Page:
Overall, this training will help both girls accomplish their goals. “They are very committed and we are happy to have them with us,” said Martinez.

Clay target shooting becoming a new sport at Saegertown


By Bailey Kozalla, sports editor

Students are now being recruited to join the PA High School Clay Target League, a new sport just approved for PENNCREST students in grades 7-12. Registration began Jan. 15 and ends March 10. To participate, the student must have completed a hunter safety course or firearm safety certification and pay one-time dues of $35. The practice start date is April 2, and competitions will begin April 23 against teams in the PENNCREST conference. A total of five competitions be held through May 21. An informational open house will be held Jan. 26 at 7 p.m. in the SHS cafeteria.

There are three main divisions of clay target shooting which include trap, skeet, and sporting clays. In trap shooting, the targets are launched from a single “house” or machine, going away from the shooter. The targets are launched from two “houses” in sideways patterns that cross in front of the shooter during skeet shooting. Sporting clays are the most complex; clays are thrown from many different launch points. The layout of the field is determined by what type of shooting is being employed. For instance, the layout for a trapshooting field has different components and strategies than a skeet or sporting clays field. In the league, the kids will be shooting trap, with the organization providing the shotgun shells.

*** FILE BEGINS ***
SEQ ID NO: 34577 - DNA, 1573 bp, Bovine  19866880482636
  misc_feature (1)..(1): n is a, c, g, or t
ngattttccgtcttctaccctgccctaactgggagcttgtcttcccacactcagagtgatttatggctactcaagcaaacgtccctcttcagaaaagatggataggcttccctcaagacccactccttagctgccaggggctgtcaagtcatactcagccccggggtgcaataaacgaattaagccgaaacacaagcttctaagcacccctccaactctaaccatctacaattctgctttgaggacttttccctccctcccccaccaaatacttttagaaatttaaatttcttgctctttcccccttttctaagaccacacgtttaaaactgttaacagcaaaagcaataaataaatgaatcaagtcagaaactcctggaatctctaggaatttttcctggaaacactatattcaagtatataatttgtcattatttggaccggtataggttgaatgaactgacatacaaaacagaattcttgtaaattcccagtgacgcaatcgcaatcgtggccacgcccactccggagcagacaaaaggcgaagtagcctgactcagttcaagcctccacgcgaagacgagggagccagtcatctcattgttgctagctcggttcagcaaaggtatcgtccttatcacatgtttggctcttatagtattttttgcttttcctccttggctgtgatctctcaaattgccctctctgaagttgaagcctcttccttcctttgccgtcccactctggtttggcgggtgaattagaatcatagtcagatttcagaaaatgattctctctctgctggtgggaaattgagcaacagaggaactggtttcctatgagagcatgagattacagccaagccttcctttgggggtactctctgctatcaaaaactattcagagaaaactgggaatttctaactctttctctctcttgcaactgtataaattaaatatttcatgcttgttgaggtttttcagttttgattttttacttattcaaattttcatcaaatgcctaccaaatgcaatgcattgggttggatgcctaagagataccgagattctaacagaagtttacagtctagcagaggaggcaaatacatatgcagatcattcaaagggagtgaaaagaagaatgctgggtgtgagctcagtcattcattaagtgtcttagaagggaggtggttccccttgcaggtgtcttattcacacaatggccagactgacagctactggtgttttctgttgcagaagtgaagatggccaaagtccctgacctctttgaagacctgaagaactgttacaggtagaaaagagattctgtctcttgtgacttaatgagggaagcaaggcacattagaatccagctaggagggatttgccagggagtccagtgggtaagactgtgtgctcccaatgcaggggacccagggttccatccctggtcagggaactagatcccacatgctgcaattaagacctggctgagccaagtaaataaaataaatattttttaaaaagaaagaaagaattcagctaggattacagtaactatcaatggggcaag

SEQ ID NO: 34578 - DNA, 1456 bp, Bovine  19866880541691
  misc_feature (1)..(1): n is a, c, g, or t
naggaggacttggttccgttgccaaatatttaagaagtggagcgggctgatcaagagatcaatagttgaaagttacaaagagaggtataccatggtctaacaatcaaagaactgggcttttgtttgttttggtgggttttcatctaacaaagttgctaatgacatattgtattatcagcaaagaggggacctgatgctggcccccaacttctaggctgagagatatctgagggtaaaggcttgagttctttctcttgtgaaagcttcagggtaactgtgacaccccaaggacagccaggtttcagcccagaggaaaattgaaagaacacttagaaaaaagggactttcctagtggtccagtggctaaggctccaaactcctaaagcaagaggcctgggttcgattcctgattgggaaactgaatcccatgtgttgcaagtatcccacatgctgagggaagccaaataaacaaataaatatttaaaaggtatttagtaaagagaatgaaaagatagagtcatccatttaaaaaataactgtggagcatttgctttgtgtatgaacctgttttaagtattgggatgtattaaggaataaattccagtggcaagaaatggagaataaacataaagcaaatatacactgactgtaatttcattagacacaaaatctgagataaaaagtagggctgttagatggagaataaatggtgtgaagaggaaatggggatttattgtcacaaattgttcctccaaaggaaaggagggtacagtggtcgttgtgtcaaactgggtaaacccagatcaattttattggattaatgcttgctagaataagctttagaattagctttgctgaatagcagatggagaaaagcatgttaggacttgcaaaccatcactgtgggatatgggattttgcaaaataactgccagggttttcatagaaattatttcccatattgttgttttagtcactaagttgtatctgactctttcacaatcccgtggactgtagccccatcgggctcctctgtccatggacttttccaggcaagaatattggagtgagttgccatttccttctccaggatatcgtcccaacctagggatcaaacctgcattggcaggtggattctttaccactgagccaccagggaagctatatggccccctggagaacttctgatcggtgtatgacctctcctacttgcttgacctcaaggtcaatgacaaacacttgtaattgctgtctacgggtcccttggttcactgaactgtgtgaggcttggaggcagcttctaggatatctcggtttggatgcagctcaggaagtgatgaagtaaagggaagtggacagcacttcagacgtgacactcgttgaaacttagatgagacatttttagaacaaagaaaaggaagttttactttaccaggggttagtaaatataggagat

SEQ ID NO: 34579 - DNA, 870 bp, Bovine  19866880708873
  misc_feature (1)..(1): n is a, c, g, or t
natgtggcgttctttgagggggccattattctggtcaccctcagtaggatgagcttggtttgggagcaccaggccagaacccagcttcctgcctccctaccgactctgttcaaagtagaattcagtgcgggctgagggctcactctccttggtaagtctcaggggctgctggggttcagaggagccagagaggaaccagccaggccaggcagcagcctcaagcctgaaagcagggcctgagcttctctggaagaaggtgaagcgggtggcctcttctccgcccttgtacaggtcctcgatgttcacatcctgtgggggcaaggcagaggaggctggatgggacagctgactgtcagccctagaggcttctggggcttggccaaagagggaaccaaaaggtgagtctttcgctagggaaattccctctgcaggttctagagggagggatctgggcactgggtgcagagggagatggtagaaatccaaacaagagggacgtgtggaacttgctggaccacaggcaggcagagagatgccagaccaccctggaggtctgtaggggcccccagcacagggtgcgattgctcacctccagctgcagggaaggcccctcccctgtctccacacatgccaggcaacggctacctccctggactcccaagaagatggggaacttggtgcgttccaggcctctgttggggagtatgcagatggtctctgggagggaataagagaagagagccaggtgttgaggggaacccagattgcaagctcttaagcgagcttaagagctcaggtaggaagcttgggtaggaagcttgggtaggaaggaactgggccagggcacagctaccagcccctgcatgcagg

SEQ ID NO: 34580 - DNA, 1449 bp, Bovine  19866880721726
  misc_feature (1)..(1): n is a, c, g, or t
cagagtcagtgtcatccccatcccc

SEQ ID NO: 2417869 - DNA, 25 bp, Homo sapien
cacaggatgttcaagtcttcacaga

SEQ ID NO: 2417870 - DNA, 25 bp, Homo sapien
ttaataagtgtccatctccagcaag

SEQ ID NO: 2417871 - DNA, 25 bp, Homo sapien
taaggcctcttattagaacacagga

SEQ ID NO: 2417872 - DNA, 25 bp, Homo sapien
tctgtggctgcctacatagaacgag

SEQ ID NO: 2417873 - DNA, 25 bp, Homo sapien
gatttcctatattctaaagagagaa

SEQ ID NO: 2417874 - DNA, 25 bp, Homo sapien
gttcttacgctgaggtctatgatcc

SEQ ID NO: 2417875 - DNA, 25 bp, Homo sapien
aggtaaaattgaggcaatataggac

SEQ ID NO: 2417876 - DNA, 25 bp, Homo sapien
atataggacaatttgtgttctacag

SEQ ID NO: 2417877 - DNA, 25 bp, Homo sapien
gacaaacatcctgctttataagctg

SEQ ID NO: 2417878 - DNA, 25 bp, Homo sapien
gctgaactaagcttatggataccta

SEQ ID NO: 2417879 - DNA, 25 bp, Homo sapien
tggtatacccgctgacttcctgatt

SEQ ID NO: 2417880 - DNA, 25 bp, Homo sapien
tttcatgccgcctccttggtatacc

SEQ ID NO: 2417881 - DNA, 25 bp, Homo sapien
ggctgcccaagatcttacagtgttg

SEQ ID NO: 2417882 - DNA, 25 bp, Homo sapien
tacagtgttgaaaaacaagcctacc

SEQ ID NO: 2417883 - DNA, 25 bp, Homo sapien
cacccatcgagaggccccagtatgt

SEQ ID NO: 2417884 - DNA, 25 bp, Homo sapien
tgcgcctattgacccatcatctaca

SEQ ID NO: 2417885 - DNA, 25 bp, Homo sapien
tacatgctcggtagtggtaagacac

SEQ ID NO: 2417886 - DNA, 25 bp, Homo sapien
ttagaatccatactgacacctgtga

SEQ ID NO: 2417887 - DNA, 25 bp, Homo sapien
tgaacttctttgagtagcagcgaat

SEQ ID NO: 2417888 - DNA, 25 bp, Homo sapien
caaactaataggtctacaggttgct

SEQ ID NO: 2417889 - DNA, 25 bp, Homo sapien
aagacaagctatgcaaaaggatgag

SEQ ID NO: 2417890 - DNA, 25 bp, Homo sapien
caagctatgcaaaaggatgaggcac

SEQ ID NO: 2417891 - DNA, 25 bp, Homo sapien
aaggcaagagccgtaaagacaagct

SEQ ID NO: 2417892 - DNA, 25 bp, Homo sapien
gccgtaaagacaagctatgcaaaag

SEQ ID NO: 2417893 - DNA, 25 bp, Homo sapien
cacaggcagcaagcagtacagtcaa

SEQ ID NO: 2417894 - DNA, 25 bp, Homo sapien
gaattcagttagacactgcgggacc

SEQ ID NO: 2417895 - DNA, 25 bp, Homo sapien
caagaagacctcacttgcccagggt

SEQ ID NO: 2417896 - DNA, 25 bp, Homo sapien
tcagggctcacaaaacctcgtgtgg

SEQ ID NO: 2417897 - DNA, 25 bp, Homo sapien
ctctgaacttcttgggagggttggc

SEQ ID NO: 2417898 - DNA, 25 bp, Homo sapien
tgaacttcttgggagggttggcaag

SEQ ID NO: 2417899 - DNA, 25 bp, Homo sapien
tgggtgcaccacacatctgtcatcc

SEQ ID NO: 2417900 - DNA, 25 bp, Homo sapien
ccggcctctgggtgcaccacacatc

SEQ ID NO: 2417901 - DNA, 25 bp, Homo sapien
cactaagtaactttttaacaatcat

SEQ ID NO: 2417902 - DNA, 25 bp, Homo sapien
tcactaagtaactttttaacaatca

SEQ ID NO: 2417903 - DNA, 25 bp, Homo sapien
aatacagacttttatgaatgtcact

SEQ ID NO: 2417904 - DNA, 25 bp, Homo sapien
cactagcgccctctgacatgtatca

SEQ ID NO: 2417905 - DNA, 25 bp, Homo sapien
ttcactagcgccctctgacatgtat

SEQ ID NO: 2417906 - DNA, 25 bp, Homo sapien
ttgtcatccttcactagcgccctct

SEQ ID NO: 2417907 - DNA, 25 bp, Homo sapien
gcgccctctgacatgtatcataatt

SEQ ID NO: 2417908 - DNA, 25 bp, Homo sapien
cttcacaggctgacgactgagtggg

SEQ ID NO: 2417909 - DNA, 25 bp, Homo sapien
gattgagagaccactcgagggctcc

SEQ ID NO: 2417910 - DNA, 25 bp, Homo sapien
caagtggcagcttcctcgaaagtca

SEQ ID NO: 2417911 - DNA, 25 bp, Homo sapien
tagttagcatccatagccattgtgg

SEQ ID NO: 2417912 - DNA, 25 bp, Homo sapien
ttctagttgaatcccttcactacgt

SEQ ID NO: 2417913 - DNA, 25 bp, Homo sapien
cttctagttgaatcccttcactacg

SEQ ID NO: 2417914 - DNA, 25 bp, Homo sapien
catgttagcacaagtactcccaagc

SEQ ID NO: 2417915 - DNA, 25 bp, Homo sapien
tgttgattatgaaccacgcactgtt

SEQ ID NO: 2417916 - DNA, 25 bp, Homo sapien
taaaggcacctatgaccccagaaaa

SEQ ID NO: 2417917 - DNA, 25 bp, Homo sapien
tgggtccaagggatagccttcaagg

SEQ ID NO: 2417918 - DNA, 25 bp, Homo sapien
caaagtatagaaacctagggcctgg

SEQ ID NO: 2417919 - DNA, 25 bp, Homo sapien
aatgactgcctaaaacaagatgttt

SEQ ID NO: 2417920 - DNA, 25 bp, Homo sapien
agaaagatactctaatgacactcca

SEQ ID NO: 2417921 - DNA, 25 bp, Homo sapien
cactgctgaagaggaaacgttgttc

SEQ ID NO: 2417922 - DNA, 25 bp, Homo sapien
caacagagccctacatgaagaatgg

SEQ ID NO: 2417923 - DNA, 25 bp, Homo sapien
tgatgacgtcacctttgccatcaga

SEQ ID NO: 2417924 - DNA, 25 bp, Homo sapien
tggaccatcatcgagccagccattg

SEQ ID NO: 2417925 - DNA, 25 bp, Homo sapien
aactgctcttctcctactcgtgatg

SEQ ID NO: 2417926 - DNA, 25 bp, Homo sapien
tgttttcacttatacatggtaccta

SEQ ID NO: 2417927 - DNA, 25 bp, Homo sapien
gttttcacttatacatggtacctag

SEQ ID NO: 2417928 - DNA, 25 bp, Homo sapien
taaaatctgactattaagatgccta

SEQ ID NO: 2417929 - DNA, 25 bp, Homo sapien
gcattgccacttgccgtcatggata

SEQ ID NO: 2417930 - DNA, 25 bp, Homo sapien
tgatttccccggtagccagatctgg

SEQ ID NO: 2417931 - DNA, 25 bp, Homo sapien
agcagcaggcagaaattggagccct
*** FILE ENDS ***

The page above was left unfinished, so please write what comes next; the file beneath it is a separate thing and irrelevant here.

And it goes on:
The league is looking for new members, so join the fastest growing and safest high school sport. For more information visit http://paclaytarget.com/ or contact Mary Ann Birchard at (814)398-2262.

Decorations brighten up the bathroom

By Hillary Twiford, staff writer

This year, there has been an effort to beautify the halls. At the beginning of the year, there were homecoming posters plastered in every hallway. More recently, there was a holiday hallway decorating contest. While these displays were temporary, there is one subtle message that is making a significant difference.


“The butterflies were beautiful, and they would add some personality and color to the school.”

Mrs. Keller also wanted to send an empowering message to the girls of Saegertown High School. “In today’s world of social media, there is so much pressure to look a certain way.  I wanted to remind the ladies of the school that they were born beautiful; they don’t need to work to attain what someone else thinks they should be.”

Saegertown Hi-Q team qualifies for National History Bowl


By Austin Brown, news editor

On Jan. 7, the Saegertown Hi-Q team qualified for the 2017 National History Bowl Championships which will be held on April 21-23 in Arlington, VA and Washington, DC. Seniors Sydney Kightlinger, Dustin Bierman, and Dan Smith, junior Erik Murphy and sophomore Glenn Ferry accomplished this feat at the Western Pennsylvania History Bee and Bowl which was held at South Side High School. This was the first time a Saegertown team has qualified for Nationals.  “It is a successful result from a small school,”  said Murphy. In order to qualify for Nationals, any team must have a .500 record or above in the prelims or a single playoff win can also qualify a team for Nationals.

“It’s significant because of the competitive nature the contestants bring to the competition,” said Murphy. Though they do not intend to travel to the event in April, it’s an impressive accomplishment for any team. “I was thrilled that we won our first playoff against South Side High School which allowed us to qualify for the National tournament, and we held our own in a very competitive field,” said Hi-Q coach Mrs. Stacey Hetrick. Overall, their record for the day was 4-4. Other schools in the competition included Winchester-Thurston, Norwin, South Side, Taylor Allderdice, and Alagar Homeschool.